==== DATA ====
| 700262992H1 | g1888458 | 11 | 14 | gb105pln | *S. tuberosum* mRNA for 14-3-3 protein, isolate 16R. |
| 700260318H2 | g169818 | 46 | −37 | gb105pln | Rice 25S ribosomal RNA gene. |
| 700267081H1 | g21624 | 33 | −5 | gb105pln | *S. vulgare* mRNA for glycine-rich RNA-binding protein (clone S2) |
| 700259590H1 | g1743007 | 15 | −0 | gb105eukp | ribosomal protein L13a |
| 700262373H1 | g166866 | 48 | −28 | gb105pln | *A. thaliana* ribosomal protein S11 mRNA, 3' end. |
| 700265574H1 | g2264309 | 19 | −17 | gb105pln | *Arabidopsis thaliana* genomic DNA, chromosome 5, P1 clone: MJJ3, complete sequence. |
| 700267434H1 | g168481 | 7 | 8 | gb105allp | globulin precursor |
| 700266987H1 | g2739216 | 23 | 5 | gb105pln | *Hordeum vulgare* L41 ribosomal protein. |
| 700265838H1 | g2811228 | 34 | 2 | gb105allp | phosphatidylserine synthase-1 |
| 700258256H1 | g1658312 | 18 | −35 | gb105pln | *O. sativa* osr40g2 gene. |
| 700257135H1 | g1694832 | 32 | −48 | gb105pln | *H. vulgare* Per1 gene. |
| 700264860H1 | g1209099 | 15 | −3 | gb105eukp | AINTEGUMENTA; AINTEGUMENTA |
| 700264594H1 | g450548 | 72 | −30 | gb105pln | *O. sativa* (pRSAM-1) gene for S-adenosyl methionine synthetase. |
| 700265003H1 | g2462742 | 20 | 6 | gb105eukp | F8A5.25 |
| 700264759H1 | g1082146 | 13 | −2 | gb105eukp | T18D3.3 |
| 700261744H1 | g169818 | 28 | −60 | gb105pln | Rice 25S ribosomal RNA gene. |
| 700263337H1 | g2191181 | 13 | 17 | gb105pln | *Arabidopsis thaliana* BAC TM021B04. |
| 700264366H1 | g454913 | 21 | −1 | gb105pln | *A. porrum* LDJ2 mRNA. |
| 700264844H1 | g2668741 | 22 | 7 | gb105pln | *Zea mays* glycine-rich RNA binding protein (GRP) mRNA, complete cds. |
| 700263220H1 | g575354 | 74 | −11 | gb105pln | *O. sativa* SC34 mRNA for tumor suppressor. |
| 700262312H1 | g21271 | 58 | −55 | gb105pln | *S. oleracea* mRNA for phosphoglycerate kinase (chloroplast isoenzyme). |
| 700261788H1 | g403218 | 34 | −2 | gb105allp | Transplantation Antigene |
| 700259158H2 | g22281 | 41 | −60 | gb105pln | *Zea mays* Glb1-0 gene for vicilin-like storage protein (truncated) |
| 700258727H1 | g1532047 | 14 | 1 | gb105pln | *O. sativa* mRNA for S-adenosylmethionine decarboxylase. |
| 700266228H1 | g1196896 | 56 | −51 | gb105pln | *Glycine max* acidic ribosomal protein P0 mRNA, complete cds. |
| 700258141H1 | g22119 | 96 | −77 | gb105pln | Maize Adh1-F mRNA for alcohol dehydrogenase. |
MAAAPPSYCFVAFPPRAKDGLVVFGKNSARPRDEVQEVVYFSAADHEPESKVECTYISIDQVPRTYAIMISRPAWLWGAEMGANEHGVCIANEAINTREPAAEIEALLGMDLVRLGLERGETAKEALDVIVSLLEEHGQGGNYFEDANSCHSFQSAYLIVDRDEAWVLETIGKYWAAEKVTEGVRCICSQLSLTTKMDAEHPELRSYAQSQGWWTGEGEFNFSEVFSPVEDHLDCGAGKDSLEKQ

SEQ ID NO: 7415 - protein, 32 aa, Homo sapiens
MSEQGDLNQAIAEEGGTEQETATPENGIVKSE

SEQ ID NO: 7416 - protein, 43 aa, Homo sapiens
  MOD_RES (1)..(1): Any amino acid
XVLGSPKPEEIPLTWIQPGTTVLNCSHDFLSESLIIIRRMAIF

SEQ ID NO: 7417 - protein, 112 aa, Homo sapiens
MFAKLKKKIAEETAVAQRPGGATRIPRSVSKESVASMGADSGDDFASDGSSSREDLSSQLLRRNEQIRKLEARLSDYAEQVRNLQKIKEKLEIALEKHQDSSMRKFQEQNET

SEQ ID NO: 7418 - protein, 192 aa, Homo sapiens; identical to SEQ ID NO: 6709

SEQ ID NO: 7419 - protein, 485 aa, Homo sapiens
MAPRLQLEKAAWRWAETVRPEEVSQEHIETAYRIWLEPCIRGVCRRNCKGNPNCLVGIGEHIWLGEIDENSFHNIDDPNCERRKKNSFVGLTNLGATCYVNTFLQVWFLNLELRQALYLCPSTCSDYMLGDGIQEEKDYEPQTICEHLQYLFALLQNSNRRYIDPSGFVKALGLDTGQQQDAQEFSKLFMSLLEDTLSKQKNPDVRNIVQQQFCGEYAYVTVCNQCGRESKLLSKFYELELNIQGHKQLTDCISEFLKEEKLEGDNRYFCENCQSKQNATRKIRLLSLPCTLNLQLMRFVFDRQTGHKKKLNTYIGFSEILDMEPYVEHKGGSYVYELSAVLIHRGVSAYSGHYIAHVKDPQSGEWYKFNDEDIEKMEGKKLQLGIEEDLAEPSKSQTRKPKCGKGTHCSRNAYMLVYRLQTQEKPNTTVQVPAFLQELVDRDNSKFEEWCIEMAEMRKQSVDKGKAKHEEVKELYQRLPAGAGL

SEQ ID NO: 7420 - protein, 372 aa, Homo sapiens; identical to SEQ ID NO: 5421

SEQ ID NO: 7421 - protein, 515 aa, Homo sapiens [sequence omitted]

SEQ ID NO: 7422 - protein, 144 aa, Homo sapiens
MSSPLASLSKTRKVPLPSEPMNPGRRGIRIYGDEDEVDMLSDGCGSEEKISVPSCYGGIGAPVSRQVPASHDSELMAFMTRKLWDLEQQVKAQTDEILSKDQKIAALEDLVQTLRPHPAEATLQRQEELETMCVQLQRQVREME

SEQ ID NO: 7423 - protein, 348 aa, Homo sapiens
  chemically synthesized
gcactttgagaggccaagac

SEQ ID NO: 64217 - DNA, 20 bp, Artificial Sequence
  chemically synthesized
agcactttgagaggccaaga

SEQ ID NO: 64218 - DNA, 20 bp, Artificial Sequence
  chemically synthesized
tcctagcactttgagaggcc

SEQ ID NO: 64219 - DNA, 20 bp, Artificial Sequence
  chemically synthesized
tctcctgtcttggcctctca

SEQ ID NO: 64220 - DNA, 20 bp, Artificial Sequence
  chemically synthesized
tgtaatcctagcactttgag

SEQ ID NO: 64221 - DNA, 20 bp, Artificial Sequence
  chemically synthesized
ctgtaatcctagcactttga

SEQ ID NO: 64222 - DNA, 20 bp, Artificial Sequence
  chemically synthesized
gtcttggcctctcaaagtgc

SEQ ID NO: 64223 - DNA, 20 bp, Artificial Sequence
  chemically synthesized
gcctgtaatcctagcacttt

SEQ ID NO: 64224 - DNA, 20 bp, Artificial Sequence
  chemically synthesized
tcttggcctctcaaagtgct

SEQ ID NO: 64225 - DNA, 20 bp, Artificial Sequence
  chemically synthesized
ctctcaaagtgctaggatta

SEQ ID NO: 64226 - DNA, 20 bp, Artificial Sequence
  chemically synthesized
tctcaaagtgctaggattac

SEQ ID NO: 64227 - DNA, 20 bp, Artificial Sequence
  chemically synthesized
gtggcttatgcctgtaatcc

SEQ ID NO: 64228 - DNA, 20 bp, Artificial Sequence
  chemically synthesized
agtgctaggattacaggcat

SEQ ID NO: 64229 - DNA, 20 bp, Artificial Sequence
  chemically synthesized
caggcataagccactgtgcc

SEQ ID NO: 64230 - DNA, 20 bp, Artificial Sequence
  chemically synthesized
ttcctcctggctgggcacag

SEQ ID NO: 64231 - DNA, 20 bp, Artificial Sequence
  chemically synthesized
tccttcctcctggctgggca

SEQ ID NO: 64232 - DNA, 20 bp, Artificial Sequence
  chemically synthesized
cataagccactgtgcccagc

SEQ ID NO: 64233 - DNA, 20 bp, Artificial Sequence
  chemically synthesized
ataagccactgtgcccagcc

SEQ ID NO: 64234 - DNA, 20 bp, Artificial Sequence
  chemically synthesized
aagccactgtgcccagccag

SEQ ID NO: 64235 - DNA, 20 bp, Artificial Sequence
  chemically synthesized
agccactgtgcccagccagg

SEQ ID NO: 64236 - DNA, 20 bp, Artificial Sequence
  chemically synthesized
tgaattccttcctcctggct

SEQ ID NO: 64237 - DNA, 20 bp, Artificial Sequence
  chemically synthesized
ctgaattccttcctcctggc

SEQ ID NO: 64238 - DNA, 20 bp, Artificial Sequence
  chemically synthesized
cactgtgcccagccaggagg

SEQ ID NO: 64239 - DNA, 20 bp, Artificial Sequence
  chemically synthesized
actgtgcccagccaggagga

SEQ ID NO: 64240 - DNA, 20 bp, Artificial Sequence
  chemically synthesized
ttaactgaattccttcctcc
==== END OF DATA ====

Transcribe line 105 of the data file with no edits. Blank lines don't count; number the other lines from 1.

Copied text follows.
SEQ ID NO: 64237 - DNA, 20 bp, Artificial Sequence